160 p. 145). The Commission has recommended that CMS OPPS but not for the ASC system. C–APCs combine all collect cost data from ASCs to identify a price index that hospital outpatient services reported on a claim that are covered under Medicare Part B into a single payment, with would be an appropriate proxy for ASC costs (Medicare a few exceptions. CMS has not implemented C–APCs Payment Advisory Commission 2010). However, the ASC industry has opposed the collection of cost data for in the ASC system because the system of processing ASC claims does not allow for the type of packaging of this purpose (Ambulatory Surgery Center Association ancillary items necessary to create C–APCs. Therefore, 2012), and CMS does not yet collect these data. In 2018, the payment bundles for services in the C–APCs under CMS requested comments on whether the Secretary the OPPS have greater packaging of ancillary items should collect cost data from ASCs to use in determining than the same services under the ASC payment system. ASC payment rates. Representatives of individual ASCs Consequently, a disconnect exists between OPPS provided comments that generally opposed a policy payment rates and ASC payment rates for the services that would require ASCs to submit formal cost reports, but were willing to complete surveys on the condition that are in C–APCs under the OPPS. The magnitude of that they would not be administratively burdensome this disconnect has grown over time because CMS has (Centers for Medicare & Medicaid Services 2017). The substantially expanded the number of C–APCs. Currently, about 72 percent of HCPCS codes for surgical procedures Commission asserts, however, that all other institutional that are covered under the ASC payment system are providers submit at least abbreviated versions of cost in C–APCs under the OPPS. The Commission supports reports to CMS, including small entities such as hospices the use of C–APCs in the OPPS and encourages CMS to and home health agencies. Moreover, the ASCs in Pennsylvania are able to submit revenue and cost data each implement them in the ASC payment system because the year to the Pennsylvania Health Care Cost Containment greater packaging of ancillary items that occurs with C– Council, so it is clear that submission of cost data is APCs gives providers an incentive to furnish care more feasible for ASCs. Indeed, submitting revenue and cost efficiently. data does not appear to adversely affect ASC participation: Although we do not have recent ASC cost data that In Pennsylvania, there were seven more ASCs in 2017 would allow us to quantify cost differences between than in 2016. settings, evidence suggests that ASCs are a lower cost CMS uses a different method from the one described setting than HOPDs. The Government Accountability above to determine payment rates for procedures that are Office (GAO) compared ASC cost data from 2004 with predominantly performed in physicians’ offices and were HOPD costs and found that costs were, on average, lower first covered under the ASC payment system in 2008 in ASCs than in HOPDs (Government Accountability 2 or later. Payment for these “office-based” procedures is Office 2006). In addition, studies that used data from the the lesser of the amount derived from the standard ASC National Survey of Ambulatory Surgery found that the method or the practice expense portion of the PFS rate average time for ambulatory surgical visits for Medicare that applies when the service is provided in a physician’s patients was 25 percent to 39 percent lower in ASCs office (the nonfacility practice expense, which covers the than in HOPDs, which likely contributes to lower costs 3 equipment, supplies, nonphysician staff, and overhead in ASCs (Hair et al. 2012, Munnich and Parente 2014). 1 costs of a service). An additional study using data from a facility that has The physicians who provide these both an ASC and a hospital found that surgeries took services receive a separate payment under the PFS. CMS 17 percent less time in the ASC (Trentman et al. 2010). set this limit on the rate for office-based procedures to Trentman and colleagues and Munnich and Parente prevent migration of these services from physicians’ estimated less time savings in ASCs than did Hair and offices to ASCs for financial reasons. colleagues, likely because Trentman and colleagues The ASC payment system generally parallels the OPPS in and Munnich and Parente accounted for differences in terms of which ancillary services are paid separately and health status between patients treated in ASCs and those which are packaged into the payment of the associated treated in HOPDs, while Hair and colleagues did not. surgical procedure. In 2015, however, the connection Beneficiaries who are sicker may require more time between the ASC payment system and the OPPS was to treat. We have found that, on average, beneficiaries weakened when CMS implemented comprehensive receiving surgical services in HOPDs are not as healthy ambulatory payment classifications (C–APCs) for the Ambulatory surgical center services: Assessing payment adequacy and updating payments 130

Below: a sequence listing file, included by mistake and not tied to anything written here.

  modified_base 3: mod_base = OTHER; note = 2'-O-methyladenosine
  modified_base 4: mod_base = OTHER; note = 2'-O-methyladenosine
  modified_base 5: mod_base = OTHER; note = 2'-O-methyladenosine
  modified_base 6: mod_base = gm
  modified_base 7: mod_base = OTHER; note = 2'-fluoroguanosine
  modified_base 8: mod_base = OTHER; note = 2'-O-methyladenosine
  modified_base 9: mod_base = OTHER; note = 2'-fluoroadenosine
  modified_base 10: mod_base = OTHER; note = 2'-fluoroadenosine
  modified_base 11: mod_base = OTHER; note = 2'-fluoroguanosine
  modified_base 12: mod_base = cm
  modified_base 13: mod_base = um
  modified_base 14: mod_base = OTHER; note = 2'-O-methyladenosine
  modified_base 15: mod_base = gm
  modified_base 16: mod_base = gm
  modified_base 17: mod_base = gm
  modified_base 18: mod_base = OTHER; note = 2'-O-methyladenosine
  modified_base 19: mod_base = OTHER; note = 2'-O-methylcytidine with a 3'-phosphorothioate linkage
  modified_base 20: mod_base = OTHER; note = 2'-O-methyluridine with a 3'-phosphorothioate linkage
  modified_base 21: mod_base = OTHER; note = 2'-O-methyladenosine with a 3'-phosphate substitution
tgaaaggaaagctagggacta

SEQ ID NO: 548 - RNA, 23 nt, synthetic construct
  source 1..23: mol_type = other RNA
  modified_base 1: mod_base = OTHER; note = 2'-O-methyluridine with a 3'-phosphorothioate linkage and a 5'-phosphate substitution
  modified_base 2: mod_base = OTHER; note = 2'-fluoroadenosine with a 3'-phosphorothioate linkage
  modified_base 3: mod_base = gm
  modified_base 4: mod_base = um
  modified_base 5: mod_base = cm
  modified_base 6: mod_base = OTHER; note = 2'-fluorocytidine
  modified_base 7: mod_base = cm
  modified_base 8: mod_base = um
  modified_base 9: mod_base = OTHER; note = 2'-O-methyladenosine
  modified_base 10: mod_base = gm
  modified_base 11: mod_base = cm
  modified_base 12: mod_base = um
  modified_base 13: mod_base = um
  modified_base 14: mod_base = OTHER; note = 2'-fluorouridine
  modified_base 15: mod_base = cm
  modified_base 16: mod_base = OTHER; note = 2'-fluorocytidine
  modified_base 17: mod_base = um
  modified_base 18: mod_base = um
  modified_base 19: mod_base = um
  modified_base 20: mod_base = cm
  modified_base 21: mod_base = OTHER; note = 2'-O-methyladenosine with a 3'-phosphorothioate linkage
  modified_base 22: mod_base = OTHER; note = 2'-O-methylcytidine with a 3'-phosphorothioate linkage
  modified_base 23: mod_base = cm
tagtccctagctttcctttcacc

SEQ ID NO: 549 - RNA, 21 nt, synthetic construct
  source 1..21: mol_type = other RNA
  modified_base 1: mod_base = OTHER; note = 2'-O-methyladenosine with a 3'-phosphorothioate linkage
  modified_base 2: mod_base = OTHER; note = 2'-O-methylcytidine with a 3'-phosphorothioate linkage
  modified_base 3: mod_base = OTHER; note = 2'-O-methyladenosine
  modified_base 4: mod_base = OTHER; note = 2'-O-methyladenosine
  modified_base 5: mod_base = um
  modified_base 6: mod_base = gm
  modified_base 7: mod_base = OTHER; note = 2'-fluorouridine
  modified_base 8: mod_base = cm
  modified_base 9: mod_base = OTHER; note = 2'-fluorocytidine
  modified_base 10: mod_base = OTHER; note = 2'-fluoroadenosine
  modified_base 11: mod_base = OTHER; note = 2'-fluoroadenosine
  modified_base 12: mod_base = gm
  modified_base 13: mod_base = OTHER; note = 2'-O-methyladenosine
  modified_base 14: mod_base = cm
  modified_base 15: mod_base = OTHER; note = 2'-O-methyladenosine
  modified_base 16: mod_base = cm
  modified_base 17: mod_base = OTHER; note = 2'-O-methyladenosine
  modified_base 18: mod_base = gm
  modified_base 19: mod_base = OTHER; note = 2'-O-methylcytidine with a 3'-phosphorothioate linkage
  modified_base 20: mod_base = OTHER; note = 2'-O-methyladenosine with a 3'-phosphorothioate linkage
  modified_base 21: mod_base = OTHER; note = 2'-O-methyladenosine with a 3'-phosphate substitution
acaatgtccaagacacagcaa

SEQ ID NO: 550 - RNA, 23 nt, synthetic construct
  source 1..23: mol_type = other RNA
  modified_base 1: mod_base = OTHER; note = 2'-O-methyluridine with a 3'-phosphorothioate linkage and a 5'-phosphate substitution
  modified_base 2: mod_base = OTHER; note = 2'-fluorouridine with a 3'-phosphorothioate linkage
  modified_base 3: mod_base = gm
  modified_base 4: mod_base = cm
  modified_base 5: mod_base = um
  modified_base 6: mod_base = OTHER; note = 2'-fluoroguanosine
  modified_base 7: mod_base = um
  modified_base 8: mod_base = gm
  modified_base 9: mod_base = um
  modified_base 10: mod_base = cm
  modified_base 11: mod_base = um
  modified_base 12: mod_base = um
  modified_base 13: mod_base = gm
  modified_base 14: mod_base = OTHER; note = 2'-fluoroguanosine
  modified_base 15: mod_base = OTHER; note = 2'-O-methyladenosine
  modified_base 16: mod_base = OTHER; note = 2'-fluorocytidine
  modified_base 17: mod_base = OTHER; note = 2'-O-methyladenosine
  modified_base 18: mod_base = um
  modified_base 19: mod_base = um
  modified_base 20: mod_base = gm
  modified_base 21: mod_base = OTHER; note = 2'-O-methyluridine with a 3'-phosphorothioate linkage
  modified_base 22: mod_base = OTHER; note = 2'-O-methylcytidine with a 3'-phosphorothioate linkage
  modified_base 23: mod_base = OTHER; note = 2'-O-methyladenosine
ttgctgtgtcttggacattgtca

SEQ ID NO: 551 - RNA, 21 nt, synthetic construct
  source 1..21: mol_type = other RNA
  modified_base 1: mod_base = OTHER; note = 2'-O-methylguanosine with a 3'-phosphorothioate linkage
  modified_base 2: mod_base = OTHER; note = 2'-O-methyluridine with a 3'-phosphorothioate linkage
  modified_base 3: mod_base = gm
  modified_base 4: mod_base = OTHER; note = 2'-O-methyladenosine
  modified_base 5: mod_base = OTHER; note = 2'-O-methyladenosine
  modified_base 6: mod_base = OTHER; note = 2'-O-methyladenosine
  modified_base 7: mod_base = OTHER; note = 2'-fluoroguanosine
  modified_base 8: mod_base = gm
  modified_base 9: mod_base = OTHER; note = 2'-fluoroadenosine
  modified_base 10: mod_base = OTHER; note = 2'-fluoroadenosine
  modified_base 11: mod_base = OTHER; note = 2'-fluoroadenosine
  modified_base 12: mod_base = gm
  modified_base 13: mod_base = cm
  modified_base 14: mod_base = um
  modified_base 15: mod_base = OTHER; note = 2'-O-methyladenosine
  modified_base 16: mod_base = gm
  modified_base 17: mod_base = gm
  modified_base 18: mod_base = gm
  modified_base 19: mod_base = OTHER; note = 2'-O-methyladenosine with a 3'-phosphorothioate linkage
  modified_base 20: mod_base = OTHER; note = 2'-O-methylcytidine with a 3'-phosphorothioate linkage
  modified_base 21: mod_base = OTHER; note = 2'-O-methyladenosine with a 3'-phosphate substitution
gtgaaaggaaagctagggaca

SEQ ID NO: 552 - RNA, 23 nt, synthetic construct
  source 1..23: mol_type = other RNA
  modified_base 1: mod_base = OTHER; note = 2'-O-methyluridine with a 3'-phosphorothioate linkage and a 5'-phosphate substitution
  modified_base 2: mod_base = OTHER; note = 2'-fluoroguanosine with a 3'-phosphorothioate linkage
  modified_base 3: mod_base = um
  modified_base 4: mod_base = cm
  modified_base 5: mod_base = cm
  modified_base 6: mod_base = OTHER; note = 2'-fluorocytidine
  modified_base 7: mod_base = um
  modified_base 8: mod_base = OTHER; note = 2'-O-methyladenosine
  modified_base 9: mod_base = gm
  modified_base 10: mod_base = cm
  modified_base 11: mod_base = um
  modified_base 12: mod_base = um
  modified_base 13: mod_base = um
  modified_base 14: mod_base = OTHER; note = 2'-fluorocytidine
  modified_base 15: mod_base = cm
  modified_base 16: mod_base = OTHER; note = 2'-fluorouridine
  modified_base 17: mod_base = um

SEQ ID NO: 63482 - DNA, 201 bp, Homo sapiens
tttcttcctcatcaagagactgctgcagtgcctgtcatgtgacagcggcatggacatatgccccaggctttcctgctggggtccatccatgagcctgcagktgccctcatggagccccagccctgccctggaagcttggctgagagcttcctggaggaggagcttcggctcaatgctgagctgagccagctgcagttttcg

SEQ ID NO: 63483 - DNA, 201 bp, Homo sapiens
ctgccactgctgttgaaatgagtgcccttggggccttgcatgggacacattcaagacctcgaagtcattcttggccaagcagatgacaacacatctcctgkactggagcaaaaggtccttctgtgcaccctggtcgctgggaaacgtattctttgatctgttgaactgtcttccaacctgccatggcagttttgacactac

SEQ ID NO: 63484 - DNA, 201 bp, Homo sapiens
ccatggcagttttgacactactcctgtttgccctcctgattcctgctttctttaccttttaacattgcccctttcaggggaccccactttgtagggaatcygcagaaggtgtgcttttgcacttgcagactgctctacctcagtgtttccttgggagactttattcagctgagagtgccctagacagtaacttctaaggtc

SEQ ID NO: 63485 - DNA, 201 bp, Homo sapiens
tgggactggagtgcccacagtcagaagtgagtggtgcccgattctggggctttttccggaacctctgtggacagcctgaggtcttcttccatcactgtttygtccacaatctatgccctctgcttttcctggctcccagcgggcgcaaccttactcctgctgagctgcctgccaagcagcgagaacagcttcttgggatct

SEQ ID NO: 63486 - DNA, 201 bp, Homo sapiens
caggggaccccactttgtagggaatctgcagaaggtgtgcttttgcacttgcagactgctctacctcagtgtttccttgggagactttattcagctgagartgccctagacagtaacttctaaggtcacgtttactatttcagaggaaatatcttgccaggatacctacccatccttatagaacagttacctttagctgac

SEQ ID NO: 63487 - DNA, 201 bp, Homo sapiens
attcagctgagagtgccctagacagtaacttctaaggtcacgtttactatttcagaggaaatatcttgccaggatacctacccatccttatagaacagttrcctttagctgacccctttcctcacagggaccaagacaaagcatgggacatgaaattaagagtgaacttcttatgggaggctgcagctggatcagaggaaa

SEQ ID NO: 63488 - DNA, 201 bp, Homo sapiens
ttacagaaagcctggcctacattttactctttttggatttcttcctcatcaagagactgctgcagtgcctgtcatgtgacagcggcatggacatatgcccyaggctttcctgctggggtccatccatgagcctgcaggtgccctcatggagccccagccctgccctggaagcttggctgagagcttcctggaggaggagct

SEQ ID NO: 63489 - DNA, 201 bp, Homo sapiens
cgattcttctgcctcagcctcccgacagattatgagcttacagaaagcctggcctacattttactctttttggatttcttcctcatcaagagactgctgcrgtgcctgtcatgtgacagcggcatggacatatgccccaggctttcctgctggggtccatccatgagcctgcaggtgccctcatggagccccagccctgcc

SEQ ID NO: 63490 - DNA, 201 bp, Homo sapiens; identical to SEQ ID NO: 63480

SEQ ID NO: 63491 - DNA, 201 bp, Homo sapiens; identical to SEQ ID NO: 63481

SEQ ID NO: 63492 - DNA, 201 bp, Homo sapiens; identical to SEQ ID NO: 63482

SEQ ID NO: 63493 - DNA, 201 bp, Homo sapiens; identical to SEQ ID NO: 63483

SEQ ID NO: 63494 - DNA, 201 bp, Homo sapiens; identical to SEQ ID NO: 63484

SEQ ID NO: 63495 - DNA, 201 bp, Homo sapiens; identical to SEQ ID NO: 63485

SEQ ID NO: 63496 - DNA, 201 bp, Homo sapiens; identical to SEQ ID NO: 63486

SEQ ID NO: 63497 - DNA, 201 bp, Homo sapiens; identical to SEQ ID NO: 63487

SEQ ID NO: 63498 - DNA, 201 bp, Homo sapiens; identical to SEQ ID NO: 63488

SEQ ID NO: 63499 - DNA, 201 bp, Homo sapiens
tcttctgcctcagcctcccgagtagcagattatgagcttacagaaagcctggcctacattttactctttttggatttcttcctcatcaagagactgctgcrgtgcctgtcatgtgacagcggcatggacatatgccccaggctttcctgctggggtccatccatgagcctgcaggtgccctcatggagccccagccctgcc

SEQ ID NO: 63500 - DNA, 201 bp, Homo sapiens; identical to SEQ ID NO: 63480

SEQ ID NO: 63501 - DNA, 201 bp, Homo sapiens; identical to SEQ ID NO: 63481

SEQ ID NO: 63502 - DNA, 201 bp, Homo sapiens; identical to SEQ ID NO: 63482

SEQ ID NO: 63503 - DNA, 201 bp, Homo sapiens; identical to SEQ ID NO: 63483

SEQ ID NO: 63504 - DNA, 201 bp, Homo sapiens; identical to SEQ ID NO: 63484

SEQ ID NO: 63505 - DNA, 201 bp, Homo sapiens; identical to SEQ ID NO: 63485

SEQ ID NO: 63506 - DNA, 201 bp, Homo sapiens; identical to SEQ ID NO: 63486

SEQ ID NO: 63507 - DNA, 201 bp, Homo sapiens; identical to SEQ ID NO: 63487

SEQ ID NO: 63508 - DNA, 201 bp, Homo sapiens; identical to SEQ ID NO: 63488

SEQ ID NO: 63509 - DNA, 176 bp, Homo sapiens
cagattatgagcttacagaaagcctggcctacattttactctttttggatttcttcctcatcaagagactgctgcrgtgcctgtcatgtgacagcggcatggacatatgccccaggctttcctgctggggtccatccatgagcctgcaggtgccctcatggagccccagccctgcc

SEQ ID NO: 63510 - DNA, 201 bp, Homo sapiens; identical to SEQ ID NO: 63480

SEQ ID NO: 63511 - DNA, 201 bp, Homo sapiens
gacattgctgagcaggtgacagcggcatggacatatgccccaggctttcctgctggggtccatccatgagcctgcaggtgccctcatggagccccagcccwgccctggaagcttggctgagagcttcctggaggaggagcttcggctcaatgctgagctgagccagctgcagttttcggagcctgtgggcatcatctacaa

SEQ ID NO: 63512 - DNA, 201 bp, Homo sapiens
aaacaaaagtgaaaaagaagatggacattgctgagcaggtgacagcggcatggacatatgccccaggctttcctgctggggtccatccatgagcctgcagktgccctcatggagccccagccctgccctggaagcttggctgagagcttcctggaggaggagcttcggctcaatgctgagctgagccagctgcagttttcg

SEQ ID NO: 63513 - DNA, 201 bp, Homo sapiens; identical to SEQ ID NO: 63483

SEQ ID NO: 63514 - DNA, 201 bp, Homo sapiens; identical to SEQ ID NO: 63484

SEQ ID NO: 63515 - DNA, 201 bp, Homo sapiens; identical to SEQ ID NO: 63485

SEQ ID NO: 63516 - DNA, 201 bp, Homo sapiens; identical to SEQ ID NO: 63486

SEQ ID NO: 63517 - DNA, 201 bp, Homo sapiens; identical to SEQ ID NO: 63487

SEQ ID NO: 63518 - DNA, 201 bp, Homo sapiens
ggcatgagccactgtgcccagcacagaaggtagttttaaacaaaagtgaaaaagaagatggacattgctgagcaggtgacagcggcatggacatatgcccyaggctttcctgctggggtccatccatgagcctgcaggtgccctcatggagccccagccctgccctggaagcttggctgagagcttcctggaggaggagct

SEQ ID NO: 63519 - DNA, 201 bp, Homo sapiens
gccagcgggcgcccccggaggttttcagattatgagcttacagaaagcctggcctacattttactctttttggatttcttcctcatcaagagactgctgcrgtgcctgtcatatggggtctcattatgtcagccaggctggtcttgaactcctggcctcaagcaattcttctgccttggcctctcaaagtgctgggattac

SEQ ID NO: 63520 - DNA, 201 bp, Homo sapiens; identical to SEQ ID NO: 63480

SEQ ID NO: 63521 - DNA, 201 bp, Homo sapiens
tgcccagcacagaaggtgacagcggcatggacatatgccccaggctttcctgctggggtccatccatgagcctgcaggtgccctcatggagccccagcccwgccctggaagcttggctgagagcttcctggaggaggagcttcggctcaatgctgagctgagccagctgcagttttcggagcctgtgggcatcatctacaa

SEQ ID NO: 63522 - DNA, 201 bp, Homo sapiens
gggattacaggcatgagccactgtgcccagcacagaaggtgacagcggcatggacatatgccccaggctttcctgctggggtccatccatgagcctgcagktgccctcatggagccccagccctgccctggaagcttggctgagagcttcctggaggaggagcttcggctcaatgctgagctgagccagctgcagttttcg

161 TABLE Number of ASCs grew, 2012–2017 5–1 Average annual percent change Type of ASC 2012 2016 2017 2012–2016 2016–2017 2.4% Total 5,216 5,474 5,603 1.0% N/A 189 New 176 159 N/A 60 N/A Closed or merged 114 90 N/A ASC (ambulatory surgical center), N/A (not applicable). The average annual percentage change data for the “new” and “closed or merged” categories are shown Note: as “N/A” because they are outside the purpose of this table, which is to show the growth in the total number of ASCs. Source: MedPAC analysis of Provider of Services file from CMS, 2018. beneficiaries has been fairly stable. Access to ASCs as beneficiaries receiving those services in ASCs, as may be beneficial to patients and physicians compared indicated by risk scores from the CMS hierarchical with HOPDs, the provider type most similar to ASCs. condition categories risk adjustment model. For patients, ASCs can offer more convenient locations, shorter waiting times, and easier scheduling relative to HOPDs. ASCs offer physicians more control over their Are Medicare payments adequate in work environment and specialized staff. In addition, 2019? beneficiaries’ cost sharing is lower in ASCs than in HOPDs. However, these same qualities could lead to To address whether payments for the current year (2019) overuse of surgical procedures. are adequate to cover the costs of efficient providers and how much payments should change in the coming Capacity and supply of providers: Number of ASCs year (2020), we examine several measures of payment is increasing adequacy. We evaluate beneficiaries’ access to care by From 2016 to 2017, the number of ASCs increased 2.4 examining the supply of ASC facilities and changes percent to 5,603 ASCs (Table 5-1). This annual growth over time in the volume of services provided, providers’ rate was faster than the period from 2012 to 2016, when access to capital, and changes in ASC revenue from the the number of ASCs increased 1.0 percent per year. In Medicare program. However, our assessment of quality 2017, the number of new ASCs increased by 189, while of care (another measure of payment adequacy) is limited 60 ASCs closed or merged with other facilities. The and does not fully represent quality in ASCs. Most of our number of ASCs that closed or merged has declined each available indicators of payment adequacy are positive. year from 2012 to 2017, and the number of new ASCs has outnumbered closed ASCs. In addition, through the Beneficiaries’ access to care: Supply of ASCs first three-quarters of 2018, a reported 106 new ASCs and volume of services indicate adequate have opened in several states (Dyrda 2018a, Dyrda access 2018b). Beneficiaries have adequate access to care in ASCs, Several factors may explain the relatively slower growth although some groups—such as beneficiaries dually of ASCs between 2012 and 2016 and faster growth eligible for Medicare and Medicaid, African Americans, from 2016 to 2017. From 2012 to 2016, to expand their and beneficiaries under age 65—are less likely than outpatient surgery capacity, many hospitals acquired the average beneficiary to receive care in ASCs than in and integrated ASCs into the hospital or developed HOPDs. The number of ASC facilities has increased, new surgery centers that were part of the hospital. and the volume of services provided to Medicare March 2019 | Report to the Congress: Medicare Payment Policy 131